between the parties; (2) an obligation or duty arising out of the contract; (3) a breach of that duty;
and (4) damages caused by [the] breach.” Xereas v. Heiss, 987 F.3d 1124, 1130 (D.C. Cir. 2021)
(citation omitted). When contract “language is clear and unambiguous, its plain language is relied
upon in determining the parties’ intention.” GLM P’ship v. Hartford Cas. Ins. Co., 753 A.2d 995,
998 (D.C. 2000) (quotation marks and citations omitted).
Schwartz claims that Thomas breached various oral and written contracts with respect to
listing agreements for two properties. Pl.’s Count IV Br., ECF No. 76 ¶¶ 1–2. To prevail,
Schwartz must identify not only a contractual obligation that Thomas owed her but also a breach
of that obligation. The Court turns first to the circumstances surrounding each listing agreement
to show why Schwartz’s claim fails.
7537 12th St. NW. In August 2018, a client signed a listing agreement with Compass for
agents Thomas and Ferrara to represent him on the sale of 7537 12th St NW. See Def.’s SOMF
¶ 144. Following the team members’ departure from the Group, the client and Schwartz agreed
that Thomas would serve as the lead agent for the listing. Id. ¶ 147. The property sold for a
purchase price of $1.2 million a couple months later. Id. ¶ 154. In her deposition, Schwartz
acknowledged that, in accordance with the agreed-upon payout plan, she received 50% of the net
commissions for that listing. Id. ¶ 155.
6315 Broad Branch Rd. Thomas represented the purchaser of 6315 Broad Branch Rd.
pursuant to a Buyer Agency Agreement dated September 17, 2018. Pl.’s Count IV Br. at Ex. D.
The transaction closed a month later at a purchase price of $1.2 million. Def.’s SOMF ¶ 193. In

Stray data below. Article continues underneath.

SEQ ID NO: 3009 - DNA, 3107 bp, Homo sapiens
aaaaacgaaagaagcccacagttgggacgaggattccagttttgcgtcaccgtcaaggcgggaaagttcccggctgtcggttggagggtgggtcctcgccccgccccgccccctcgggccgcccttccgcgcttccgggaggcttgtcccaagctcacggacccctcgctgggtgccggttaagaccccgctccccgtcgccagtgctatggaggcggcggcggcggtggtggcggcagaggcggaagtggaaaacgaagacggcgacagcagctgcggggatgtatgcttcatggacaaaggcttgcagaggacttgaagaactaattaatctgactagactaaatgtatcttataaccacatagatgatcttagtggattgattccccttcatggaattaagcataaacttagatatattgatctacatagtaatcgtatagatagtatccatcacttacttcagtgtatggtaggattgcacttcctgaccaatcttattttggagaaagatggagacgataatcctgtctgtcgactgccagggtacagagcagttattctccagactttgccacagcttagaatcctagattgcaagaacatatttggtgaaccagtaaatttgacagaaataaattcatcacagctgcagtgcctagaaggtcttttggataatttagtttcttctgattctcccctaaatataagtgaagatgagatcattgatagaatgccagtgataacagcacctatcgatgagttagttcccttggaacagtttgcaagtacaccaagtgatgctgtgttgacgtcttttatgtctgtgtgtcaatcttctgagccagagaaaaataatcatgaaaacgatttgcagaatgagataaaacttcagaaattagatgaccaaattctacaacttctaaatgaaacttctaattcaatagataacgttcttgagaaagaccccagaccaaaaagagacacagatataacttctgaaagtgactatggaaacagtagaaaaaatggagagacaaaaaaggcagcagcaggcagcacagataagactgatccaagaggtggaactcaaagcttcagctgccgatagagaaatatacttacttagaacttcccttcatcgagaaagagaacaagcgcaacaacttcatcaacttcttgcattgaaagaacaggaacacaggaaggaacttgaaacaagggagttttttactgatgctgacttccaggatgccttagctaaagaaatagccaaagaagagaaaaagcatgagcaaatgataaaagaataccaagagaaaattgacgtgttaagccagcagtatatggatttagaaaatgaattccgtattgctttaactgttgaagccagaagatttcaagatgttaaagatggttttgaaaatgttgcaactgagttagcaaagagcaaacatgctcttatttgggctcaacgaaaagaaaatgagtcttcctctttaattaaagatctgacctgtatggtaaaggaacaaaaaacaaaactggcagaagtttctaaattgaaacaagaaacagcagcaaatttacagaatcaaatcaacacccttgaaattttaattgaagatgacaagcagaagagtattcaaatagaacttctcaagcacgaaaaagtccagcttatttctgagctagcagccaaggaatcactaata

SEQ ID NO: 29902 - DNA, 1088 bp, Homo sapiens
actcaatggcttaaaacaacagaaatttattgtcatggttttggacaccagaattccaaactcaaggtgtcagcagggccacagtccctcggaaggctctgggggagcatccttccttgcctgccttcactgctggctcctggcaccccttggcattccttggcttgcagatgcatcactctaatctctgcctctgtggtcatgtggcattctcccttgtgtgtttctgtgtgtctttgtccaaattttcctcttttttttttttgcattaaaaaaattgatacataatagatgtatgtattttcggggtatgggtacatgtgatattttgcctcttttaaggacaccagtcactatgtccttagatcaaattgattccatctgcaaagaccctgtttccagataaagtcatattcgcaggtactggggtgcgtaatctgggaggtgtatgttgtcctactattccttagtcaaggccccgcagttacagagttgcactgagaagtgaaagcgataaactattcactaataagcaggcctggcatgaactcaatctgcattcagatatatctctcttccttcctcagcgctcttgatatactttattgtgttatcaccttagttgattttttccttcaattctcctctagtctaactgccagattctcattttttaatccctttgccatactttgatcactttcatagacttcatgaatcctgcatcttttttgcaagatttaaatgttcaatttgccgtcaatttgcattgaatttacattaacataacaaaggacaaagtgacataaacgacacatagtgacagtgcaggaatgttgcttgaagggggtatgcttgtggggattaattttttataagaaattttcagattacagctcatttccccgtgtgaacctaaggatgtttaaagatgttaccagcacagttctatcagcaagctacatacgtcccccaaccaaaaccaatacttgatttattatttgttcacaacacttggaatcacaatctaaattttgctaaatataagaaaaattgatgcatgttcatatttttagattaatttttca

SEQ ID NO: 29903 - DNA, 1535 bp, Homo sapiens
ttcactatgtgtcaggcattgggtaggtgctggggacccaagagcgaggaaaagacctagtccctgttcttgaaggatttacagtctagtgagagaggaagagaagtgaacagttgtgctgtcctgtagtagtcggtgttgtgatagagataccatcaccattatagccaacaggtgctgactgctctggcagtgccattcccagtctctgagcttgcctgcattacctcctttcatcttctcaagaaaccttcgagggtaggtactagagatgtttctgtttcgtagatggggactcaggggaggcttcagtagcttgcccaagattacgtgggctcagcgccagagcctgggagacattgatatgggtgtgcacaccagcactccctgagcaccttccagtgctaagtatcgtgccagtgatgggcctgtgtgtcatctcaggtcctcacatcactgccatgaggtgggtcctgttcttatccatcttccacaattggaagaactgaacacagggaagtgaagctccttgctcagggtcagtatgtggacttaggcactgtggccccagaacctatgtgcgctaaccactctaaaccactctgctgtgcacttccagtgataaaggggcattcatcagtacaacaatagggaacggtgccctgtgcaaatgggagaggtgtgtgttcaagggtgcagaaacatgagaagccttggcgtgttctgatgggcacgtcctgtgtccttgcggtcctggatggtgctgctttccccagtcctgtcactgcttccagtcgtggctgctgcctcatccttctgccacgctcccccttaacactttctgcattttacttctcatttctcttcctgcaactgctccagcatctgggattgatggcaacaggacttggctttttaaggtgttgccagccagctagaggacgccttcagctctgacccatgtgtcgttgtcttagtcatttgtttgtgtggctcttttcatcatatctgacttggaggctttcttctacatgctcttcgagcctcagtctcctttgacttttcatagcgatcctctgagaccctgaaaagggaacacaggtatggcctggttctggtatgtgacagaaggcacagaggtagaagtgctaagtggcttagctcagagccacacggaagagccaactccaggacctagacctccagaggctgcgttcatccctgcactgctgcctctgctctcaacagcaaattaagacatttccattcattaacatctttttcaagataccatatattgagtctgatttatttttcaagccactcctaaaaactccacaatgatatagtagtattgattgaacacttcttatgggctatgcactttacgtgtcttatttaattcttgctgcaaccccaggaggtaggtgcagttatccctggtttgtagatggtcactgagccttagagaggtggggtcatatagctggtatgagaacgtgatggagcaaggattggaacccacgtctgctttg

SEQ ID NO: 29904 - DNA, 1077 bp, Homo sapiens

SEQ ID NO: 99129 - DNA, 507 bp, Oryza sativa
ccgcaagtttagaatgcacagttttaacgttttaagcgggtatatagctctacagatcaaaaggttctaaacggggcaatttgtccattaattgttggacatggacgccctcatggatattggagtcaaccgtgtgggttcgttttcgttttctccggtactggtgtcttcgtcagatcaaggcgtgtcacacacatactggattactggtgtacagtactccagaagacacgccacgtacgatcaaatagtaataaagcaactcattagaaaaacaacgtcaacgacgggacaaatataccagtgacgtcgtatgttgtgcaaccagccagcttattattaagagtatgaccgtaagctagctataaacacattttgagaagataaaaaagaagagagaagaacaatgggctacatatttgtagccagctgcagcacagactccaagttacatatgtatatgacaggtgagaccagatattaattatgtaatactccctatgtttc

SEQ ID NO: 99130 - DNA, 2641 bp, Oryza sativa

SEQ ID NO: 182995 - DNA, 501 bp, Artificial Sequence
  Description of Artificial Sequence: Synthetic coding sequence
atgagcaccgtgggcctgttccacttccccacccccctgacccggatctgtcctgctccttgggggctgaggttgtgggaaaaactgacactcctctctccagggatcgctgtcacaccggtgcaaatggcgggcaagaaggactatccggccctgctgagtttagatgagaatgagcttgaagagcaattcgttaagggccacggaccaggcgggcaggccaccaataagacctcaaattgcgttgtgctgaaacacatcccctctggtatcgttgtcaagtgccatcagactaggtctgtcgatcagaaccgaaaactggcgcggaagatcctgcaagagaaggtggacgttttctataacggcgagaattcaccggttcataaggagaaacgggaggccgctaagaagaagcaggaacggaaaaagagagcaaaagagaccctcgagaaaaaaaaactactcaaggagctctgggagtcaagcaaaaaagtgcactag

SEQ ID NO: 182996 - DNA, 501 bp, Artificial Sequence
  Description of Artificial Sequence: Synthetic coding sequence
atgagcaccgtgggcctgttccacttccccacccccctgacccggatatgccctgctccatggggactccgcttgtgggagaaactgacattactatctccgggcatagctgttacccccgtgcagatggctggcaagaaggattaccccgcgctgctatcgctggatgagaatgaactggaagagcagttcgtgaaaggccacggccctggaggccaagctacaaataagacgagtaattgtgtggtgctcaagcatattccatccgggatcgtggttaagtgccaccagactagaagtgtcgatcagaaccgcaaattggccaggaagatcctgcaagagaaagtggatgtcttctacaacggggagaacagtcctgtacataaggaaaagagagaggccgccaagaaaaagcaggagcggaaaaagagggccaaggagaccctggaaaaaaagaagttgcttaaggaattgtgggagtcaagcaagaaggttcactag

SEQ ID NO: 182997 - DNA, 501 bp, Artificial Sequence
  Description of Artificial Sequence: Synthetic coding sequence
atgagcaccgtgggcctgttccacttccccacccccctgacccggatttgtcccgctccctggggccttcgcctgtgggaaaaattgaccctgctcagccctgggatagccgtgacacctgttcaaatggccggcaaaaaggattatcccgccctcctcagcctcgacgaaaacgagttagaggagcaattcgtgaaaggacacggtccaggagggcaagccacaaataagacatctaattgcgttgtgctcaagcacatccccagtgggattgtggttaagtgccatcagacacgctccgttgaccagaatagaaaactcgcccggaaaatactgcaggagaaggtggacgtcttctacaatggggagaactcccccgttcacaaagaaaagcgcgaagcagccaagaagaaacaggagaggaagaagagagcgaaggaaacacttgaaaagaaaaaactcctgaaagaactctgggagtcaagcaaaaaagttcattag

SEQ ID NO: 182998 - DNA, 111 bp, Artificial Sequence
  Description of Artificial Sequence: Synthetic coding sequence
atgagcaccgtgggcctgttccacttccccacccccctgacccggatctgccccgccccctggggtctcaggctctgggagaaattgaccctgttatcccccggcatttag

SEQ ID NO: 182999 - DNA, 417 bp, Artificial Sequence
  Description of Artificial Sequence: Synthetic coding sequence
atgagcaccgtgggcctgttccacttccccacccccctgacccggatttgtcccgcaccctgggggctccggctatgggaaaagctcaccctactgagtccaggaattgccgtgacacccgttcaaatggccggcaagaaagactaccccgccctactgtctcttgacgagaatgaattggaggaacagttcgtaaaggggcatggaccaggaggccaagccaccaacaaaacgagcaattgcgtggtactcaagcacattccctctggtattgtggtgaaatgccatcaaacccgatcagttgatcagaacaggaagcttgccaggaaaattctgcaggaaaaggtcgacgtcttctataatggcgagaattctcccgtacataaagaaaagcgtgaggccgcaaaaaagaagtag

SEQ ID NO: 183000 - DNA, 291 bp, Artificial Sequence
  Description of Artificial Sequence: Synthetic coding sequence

accordance with the payout agreement, Jill Schwartz did not receive a commission on this
transaction. Id. ¶ 194.
Schwartz has conceded that only the terms of the Team Contract govern the relationship
between her and Thomas, meaning that no supposed oral agreement between the two is at issue
here. Def.’s Opp’n to Pl.’s Mot. Summ. J., ECF No. 71 at 4–5. With that the case, Schwartz
claims that Thomas had a contractual obligation under the Team Contract to include her on both
of the listings discussed above and that Thomas breached that obligation. Am. Compl. ¶ 52.
The Team Contract, however, does not demand the inclusion of Schwartz on either listing.
See Team Contract at 1. The listing template does not even contain a line on which to notate
Schwartz. Id. Sure, Thomas listed the Group on sales contracts while she was still a member of
the team. Id. at 7–8. But Thomas had departed the Group before both listings were finalized, see
Pl.’s Count IV Br. at Ex. B, Ex. D, meaning that Thomas could not have breached a duty owed to
Schwartz or the Group because she had exited a contractual arrangement with both by that point.
Schwartz challenges this conclusion by asserting that the Team Contract required
commission splits, which implies a general duty of loyalty to include Schwartz on both listings.
See Team Contract at 1. Schwartz, however, proffers no evidence from which a reasonable juror
could conclude that the Team Contract required Thomas to include her on the listings. What’s
more, splitting commissions is different from an obligation to include an agent on a listing.
Schwartz has failed to show a genuine issue of material fact on her breach of contract claim, see
Fed. R. Civ. P. 56(e); Celotex, 477 U.S. at 324, which therefore requires summary judgment for